On one breastfeeding advocacy website, one father described his daughter’s rejection of the bottle as a refusal “to settle for an imitation mother.”

Y’all know how I dislike language that fuels guilt & this is one I can’t let slide by. I don’t think that this dad (who was obviously working super hard to meet his daughter’s needs) meant to make his wife or other working mothers feel guilty. He simply shared his experience & struggles & problem-solving strategy. But this is the type of language that sometimes appears in breastfeeding advocacy literature that alienates working moms & bottle-feeding moms. 

To be clear, a bottle is not an “imitation mother.” It’s an imitation boob. Babies are little primates who need to eat & their physiology requires any feeding device be designed around babies’ sucking capabilities. Mothers who breastfeed are fulfilling this biological requirement in one particular way & it happens to be the way that requires the least amount of equipment. Breastfeeding also has known benefits for mother & baby, but really, it’s simply an mammalian process & just one aspect of mothering. Human “mothering” (or, just parenting) is so much more than feeding, even if some of that mothering takes place while breastfeeding.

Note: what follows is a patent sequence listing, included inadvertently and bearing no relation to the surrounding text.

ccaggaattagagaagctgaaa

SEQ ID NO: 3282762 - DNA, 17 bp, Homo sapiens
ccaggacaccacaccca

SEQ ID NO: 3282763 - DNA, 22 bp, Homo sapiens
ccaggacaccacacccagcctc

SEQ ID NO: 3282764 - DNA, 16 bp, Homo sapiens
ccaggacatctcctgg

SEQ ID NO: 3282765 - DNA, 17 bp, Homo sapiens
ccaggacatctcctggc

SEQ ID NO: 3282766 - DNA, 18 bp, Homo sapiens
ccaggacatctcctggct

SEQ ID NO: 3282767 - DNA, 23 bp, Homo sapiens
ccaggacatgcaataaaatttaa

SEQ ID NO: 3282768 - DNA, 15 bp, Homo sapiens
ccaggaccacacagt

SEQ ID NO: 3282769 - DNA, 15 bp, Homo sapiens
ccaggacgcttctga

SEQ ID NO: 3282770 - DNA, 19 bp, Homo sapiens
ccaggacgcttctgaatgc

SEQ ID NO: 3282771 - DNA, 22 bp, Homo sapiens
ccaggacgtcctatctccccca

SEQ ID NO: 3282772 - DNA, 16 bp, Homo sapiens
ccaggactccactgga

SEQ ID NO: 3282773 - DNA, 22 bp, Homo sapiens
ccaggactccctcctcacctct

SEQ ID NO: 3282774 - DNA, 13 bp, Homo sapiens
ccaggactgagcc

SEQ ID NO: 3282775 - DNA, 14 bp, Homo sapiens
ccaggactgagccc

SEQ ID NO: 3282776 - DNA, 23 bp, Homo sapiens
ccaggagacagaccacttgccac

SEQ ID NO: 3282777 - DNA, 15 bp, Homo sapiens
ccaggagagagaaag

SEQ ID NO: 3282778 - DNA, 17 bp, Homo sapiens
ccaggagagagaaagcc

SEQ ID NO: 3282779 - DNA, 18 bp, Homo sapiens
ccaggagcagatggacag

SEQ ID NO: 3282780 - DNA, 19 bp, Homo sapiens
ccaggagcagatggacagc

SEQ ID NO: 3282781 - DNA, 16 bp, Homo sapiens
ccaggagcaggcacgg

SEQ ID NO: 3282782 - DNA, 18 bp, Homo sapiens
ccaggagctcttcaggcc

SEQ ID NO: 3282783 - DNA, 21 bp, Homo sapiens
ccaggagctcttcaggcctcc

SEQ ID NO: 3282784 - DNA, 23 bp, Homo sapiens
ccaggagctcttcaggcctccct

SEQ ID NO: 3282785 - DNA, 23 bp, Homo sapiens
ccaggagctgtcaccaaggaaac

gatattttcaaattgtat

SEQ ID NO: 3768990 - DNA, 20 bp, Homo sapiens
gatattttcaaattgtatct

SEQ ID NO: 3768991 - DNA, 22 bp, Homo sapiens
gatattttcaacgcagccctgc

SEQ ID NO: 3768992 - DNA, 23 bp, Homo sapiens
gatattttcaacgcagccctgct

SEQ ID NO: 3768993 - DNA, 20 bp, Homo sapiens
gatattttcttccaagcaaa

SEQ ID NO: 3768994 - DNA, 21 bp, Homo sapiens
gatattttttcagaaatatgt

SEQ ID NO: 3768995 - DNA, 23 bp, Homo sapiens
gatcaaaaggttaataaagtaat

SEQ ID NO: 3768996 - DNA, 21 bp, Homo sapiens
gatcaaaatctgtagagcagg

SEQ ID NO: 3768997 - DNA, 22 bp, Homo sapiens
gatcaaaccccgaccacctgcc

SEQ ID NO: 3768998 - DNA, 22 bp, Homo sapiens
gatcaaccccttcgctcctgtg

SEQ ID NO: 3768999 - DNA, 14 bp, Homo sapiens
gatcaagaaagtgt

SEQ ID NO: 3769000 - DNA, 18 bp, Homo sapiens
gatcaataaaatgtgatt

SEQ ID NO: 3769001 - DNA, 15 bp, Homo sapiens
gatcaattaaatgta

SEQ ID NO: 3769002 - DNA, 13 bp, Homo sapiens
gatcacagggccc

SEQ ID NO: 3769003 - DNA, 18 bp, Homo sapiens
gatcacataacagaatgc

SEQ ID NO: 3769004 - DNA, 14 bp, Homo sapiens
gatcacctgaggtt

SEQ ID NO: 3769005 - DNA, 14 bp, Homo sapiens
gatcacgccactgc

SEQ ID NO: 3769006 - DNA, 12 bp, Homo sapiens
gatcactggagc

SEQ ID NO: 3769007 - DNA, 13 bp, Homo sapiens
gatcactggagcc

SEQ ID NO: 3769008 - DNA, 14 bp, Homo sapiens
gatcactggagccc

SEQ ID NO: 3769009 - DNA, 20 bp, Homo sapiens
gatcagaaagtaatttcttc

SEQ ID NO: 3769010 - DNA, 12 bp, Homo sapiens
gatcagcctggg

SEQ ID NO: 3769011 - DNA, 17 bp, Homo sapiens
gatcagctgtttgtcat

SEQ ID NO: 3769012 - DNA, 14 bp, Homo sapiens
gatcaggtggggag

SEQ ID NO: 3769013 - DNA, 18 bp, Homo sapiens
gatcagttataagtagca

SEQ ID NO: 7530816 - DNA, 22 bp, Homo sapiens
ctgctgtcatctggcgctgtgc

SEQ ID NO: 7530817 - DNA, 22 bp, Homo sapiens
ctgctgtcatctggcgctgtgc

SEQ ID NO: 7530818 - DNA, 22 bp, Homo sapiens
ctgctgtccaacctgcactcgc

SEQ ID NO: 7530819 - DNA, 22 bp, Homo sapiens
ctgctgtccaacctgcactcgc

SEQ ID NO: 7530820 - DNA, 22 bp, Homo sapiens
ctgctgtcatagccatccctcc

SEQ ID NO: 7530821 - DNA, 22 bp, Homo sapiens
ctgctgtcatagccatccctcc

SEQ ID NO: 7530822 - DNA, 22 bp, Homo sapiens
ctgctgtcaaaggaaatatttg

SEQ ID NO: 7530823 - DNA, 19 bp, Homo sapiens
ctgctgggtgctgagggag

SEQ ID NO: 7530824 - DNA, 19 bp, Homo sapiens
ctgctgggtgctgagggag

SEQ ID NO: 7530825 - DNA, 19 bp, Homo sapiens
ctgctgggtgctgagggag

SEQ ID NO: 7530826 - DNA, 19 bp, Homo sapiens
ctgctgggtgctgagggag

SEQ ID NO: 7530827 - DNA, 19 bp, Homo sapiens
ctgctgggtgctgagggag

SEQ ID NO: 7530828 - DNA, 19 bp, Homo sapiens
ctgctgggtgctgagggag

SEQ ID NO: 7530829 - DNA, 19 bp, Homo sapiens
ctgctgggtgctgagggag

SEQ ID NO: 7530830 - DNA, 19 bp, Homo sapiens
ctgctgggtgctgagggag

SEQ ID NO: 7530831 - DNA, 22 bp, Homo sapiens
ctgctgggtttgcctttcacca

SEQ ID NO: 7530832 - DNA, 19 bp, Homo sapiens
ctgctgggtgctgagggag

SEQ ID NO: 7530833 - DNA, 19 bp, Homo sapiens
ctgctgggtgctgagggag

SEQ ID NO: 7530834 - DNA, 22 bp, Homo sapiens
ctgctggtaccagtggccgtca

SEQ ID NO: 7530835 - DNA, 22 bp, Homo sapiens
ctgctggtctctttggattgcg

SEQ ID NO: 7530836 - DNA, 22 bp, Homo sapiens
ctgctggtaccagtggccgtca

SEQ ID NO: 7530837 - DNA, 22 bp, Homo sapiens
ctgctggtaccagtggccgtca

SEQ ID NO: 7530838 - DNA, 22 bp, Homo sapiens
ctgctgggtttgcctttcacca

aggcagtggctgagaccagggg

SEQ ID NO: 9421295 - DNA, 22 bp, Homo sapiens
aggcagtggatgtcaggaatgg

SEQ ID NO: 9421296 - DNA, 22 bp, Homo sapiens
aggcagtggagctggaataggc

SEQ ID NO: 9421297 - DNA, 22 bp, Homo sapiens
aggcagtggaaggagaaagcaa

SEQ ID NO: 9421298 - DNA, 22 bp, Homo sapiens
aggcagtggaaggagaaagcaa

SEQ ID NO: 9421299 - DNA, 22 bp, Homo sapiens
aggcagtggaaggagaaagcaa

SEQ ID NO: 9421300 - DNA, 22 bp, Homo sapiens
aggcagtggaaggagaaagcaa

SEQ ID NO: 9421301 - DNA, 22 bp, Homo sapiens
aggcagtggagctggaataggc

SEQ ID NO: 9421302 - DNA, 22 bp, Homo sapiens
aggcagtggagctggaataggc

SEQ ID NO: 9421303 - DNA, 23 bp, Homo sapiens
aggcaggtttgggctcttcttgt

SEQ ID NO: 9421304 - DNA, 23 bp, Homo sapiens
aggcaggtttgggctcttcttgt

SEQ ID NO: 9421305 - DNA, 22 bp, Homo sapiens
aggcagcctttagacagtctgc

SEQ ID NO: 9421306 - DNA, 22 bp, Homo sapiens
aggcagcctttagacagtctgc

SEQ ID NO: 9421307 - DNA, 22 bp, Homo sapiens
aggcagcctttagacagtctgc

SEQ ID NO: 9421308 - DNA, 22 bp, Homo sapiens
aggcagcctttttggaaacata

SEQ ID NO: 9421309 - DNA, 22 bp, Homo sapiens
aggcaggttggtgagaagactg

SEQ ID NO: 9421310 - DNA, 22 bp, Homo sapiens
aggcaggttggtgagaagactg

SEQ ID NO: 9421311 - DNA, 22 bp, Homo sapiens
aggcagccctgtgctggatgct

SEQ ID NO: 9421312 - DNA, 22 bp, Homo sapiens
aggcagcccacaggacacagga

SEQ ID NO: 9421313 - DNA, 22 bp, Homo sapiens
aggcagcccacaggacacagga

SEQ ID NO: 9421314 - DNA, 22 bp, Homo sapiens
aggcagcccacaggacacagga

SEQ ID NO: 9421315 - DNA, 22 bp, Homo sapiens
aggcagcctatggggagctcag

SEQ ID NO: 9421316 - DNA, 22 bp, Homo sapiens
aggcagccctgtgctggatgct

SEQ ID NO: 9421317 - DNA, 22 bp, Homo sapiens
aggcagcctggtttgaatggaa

A mother cradling her son in one hand & feeding him with a bottle of formula in the other hand is also mothering. She is certainly not “imitation mothering.” That dad who couldn’t get his daughter to take the bottle was “mothering” when he was caring for his daughter & when he ultimately found he was able to feed her with a sippy cup.  The babysitter or nanny giving baby a bottle of pumped breast milk is also “mothering.”

And mothering by many is okay

As long as your child & your family is happy with whatever baby raising configuration you have, your baby will be happy, attached & well adjusted!

Not that it’s easy… Currently, I need to keep repeating that Baby M will be okay when I go back to work to convince myself that we will all adjust. But I have experience on my side this time around… My awesome seven-year-old has thrived despite the fact that I was studying or working from his early days. No imitation mother needed, thank you very much! Just lots of love & lots of bottles & lots of nursing.